Oklahoma City has no Beltway to speak of, but it does have a loop of sorts: the not-really-circular area enclosed within Interstates 40, 44 and 235. (I, as it happens, am out of the loop.)
There’s a sidebar to this Sunday Oklahoman story which defines the “inner city” as NW 63rd to SW 44th, Meridian to Martin Luther King/Eastern, a zone eight miles by seven with 160,000 of the city’s 541,000 people.
A term like “inner city,” of course, comes with all sorts of contemporary (or leftover-Sixties) connotations, not all of them necessarily pleasant. Still, this seems to be a reasonable approximation of what I’d consider the city core. I went back to the 1940 city limits, which are well within this zone: the northern boundary was around 36th, and the western edge of town was right around where I-44 runs today.
My preferred line of demarcation runs right along the original Grand Boulevard sort-of-circle, parts of which have been superseded by the present-day I-44. (The apparently-quiescent Criterion Group preservationists also used Grand as their boundary.) The disadvantage, of course, is that hardly anyone pays attention to Grand anymore; it’s just one more road that’s not on the grid.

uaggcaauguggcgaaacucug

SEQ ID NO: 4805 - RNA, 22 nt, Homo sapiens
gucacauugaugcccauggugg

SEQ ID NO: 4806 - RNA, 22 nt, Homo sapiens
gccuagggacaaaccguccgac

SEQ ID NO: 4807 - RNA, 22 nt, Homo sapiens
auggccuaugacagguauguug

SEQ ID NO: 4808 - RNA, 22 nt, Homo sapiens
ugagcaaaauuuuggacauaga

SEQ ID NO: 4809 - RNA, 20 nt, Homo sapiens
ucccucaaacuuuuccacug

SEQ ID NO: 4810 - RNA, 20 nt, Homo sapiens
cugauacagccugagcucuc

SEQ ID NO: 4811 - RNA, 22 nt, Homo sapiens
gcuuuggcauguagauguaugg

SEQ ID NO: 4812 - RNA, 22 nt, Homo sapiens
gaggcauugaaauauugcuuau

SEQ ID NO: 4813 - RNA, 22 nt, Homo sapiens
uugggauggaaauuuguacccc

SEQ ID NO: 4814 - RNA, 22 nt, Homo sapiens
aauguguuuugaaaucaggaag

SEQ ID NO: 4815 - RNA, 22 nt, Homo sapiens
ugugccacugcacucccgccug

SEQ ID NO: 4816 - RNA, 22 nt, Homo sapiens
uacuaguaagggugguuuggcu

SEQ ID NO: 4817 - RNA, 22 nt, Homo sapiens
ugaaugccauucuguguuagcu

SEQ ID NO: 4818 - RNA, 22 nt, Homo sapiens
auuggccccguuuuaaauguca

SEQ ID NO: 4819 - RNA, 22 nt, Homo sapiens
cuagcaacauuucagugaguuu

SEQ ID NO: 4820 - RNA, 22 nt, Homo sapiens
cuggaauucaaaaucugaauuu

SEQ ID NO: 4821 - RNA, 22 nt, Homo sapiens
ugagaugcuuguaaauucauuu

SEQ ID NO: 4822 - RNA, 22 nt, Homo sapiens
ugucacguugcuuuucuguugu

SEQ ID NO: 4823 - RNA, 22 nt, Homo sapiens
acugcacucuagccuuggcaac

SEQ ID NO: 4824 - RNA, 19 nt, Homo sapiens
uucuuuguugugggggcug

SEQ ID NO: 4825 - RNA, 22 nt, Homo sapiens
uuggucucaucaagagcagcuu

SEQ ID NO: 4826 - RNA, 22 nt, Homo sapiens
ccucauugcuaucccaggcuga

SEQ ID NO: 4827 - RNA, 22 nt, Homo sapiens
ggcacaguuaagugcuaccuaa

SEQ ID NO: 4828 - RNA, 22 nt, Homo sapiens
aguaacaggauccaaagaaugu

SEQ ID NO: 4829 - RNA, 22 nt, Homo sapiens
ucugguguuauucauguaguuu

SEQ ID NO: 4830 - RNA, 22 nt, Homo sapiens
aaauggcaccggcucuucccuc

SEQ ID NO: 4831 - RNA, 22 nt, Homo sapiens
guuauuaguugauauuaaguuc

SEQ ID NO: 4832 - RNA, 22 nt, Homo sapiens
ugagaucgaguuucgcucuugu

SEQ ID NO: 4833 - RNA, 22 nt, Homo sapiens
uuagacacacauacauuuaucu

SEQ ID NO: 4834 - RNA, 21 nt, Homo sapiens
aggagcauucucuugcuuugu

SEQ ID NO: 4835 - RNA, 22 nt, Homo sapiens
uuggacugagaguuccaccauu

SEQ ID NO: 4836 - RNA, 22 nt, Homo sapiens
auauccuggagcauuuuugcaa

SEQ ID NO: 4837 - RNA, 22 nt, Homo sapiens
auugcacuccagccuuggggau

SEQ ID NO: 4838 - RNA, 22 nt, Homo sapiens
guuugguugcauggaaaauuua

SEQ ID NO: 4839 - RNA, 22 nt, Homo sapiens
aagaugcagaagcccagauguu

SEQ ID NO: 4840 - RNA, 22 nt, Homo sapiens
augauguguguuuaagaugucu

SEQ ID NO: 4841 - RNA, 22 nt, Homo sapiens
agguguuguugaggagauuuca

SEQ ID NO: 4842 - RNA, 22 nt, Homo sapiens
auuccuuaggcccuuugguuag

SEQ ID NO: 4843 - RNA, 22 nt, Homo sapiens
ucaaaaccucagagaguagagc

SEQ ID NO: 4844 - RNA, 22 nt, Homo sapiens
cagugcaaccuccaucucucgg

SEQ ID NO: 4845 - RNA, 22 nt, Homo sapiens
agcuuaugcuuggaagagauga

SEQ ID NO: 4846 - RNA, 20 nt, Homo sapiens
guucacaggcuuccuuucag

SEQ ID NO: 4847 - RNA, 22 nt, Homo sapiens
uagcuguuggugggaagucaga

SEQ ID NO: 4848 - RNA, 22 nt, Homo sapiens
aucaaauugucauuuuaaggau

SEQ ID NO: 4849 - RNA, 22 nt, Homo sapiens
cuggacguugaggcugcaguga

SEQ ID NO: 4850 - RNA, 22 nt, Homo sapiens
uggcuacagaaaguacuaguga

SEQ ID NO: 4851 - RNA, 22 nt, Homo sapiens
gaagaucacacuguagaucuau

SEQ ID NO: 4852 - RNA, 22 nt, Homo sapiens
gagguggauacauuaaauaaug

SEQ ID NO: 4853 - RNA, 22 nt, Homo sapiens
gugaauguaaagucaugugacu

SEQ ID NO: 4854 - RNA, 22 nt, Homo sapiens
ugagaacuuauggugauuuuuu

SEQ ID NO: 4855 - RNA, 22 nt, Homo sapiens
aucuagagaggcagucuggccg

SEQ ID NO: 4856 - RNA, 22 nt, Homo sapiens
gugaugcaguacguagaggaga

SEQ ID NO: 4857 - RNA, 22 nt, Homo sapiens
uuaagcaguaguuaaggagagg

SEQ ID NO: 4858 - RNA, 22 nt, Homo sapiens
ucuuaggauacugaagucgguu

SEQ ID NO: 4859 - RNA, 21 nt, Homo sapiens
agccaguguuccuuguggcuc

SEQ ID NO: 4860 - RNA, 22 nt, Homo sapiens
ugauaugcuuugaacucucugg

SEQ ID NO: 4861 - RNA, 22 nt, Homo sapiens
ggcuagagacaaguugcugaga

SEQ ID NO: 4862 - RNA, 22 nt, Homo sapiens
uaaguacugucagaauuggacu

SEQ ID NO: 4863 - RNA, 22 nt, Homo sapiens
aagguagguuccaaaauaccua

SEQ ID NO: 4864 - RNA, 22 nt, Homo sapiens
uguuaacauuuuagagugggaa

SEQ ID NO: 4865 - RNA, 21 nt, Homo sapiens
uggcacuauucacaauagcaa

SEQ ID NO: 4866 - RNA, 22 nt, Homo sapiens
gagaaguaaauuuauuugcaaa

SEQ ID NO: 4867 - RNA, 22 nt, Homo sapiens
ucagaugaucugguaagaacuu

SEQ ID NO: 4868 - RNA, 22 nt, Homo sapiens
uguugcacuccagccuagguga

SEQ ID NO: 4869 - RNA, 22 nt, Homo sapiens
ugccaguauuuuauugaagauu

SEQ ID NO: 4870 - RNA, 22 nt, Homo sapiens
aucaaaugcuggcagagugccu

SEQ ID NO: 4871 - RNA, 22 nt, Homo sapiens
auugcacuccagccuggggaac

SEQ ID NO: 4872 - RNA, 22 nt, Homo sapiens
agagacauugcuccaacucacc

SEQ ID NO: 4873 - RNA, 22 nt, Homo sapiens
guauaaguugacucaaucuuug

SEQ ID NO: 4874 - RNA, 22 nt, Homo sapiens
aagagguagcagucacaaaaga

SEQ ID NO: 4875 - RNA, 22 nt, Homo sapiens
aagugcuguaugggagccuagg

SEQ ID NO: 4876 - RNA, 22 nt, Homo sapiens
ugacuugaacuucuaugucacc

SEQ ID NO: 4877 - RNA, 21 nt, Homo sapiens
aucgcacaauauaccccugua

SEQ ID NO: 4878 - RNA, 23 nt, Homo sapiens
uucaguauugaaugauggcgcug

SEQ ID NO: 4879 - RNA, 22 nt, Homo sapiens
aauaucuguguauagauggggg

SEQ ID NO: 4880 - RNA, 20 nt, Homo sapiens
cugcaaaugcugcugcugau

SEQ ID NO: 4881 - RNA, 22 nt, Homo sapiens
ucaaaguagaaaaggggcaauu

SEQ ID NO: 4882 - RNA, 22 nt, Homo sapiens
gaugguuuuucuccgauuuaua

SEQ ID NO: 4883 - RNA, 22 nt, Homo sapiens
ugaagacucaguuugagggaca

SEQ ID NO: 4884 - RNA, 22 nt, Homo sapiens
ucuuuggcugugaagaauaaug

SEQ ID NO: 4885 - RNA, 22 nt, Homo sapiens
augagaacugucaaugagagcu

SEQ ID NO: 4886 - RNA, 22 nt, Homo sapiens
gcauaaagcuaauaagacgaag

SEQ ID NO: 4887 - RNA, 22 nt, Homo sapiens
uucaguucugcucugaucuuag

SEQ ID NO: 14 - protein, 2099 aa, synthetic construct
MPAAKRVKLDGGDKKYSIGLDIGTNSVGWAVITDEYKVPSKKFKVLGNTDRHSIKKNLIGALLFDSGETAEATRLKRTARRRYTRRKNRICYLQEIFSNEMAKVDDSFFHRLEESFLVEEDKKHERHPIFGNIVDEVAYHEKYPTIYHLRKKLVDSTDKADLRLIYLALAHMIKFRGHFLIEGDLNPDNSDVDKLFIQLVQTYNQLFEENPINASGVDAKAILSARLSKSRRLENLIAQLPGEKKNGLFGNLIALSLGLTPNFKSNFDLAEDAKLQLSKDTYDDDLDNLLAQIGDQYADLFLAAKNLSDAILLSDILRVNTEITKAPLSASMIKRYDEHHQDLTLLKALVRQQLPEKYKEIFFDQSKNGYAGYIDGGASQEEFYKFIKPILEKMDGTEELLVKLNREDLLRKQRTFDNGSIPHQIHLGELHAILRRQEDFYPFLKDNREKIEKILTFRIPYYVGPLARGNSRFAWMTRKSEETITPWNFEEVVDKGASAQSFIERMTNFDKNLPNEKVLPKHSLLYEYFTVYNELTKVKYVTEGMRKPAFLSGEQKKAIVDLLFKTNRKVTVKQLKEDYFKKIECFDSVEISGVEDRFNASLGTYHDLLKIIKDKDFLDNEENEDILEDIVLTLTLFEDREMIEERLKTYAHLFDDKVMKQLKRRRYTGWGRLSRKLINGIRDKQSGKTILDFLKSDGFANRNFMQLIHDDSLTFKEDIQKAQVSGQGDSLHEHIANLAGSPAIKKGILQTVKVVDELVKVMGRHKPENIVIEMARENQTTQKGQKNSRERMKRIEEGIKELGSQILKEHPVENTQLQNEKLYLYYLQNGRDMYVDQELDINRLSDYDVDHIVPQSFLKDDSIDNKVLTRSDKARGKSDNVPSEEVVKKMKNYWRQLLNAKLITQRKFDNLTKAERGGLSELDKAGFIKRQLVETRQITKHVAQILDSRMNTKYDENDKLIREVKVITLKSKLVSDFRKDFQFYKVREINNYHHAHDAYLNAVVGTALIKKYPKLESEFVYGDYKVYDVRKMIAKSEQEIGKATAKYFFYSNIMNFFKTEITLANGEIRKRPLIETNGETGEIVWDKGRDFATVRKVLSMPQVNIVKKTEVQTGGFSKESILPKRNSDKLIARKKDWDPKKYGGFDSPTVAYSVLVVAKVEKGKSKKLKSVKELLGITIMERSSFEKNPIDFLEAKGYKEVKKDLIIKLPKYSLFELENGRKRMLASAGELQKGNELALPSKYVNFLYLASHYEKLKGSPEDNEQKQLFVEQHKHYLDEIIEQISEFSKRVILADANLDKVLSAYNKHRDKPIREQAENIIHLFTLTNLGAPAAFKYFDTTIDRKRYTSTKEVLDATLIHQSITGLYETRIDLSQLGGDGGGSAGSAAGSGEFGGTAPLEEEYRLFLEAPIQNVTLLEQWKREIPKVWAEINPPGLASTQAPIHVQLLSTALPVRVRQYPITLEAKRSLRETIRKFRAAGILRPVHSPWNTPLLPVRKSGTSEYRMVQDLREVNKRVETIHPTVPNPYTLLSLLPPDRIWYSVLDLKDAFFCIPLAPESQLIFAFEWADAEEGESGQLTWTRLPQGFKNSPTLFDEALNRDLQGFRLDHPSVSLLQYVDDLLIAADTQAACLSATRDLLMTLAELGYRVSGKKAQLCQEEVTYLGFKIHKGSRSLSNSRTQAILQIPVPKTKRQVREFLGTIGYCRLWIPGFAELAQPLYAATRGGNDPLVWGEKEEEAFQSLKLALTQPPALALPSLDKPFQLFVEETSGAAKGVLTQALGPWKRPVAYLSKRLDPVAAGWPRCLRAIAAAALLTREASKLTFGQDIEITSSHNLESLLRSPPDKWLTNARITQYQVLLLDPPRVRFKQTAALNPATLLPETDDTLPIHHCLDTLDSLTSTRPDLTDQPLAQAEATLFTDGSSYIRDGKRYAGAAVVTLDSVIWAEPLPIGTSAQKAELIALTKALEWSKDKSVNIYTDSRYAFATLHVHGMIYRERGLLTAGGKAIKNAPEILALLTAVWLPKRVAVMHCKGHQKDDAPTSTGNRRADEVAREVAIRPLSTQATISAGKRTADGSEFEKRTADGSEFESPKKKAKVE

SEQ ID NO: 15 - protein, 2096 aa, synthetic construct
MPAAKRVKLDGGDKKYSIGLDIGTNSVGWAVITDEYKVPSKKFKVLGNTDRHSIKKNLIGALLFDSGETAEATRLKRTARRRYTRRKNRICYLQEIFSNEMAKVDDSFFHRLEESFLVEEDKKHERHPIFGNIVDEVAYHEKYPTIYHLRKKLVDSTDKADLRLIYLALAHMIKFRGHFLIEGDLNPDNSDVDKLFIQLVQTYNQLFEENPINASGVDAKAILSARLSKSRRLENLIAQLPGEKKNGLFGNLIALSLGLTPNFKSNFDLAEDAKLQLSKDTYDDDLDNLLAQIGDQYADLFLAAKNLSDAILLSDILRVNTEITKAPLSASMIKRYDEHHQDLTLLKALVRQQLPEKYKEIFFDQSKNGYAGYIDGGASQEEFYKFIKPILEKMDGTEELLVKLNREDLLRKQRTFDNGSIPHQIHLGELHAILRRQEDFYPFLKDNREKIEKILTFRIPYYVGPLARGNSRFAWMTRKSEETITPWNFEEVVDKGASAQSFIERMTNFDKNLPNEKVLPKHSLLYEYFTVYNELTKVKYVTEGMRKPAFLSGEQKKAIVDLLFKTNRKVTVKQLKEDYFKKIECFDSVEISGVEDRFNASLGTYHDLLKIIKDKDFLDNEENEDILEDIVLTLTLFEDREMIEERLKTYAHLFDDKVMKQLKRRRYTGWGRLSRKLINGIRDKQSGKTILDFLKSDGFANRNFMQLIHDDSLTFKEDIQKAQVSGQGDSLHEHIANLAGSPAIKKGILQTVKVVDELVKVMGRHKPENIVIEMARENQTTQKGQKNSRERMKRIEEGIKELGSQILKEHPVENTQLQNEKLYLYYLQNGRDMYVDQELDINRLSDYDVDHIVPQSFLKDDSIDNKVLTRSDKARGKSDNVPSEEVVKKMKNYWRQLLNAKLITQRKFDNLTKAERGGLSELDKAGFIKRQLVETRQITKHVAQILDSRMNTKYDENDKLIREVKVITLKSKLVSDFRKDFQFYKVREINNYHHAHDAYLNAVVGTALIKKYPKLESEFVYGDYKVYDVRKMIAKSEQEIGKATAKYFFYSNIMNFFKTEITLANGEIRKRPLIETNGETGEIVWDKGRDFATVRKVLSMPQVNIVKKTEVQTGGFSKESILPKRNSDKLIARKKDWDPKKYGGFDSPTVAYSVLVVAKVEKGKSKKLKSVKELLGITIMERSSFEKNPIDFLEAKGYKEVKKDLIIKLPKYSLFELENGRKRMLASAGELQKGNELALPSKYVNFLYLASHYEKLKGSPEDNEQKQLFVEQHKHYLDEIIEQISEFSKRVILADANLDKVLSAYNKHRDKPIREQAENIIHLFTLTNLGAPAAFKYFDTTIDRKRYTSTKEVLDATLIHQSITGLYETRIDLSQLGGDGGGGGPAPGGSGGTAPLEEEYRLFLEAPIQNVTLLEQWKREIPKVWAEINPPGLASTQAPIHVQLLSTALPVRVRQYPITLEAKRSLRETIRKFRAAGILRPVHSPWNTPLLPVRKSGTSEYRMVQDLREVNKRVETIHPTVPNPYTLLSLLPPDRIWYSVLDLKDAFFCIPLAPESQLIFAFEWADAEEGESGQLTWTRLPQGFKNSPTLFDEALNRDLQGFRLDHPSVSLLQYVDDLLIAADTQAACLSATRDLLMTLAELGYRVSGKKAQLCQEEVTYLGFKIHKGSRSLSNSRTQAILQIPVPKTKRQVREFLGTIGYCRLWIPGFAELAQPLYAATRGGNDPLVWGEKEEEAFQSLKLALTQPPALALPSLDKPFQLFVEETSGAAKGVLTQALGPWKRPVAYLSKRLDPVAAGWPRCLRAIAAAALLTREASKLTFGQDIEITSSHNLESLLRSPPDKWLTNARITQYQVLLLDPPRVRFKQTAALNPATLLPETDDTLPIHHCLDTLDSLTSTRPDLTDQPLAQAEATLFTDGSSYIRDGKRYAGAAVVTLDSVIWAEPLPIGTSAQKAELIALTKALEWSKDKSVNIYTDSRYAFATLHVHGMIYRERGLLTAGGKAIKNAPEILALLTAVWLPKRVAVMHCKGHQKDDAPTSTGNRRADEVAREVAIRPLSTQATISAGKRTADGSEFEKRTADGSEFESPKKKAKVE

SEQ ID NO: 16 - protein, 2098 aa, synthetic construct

That Oklahoman article itself, incidentally, deals with future development: at the present rate, the 600-square-mile expanse of the city will be pretty much filled up some time between 2050 and 2100. Population numbers are harder to quantify, but I think it’s unlikely we’ll end up with numbers like present-day Houston, slightly smaller at 580 square miles but already boasting two million residents.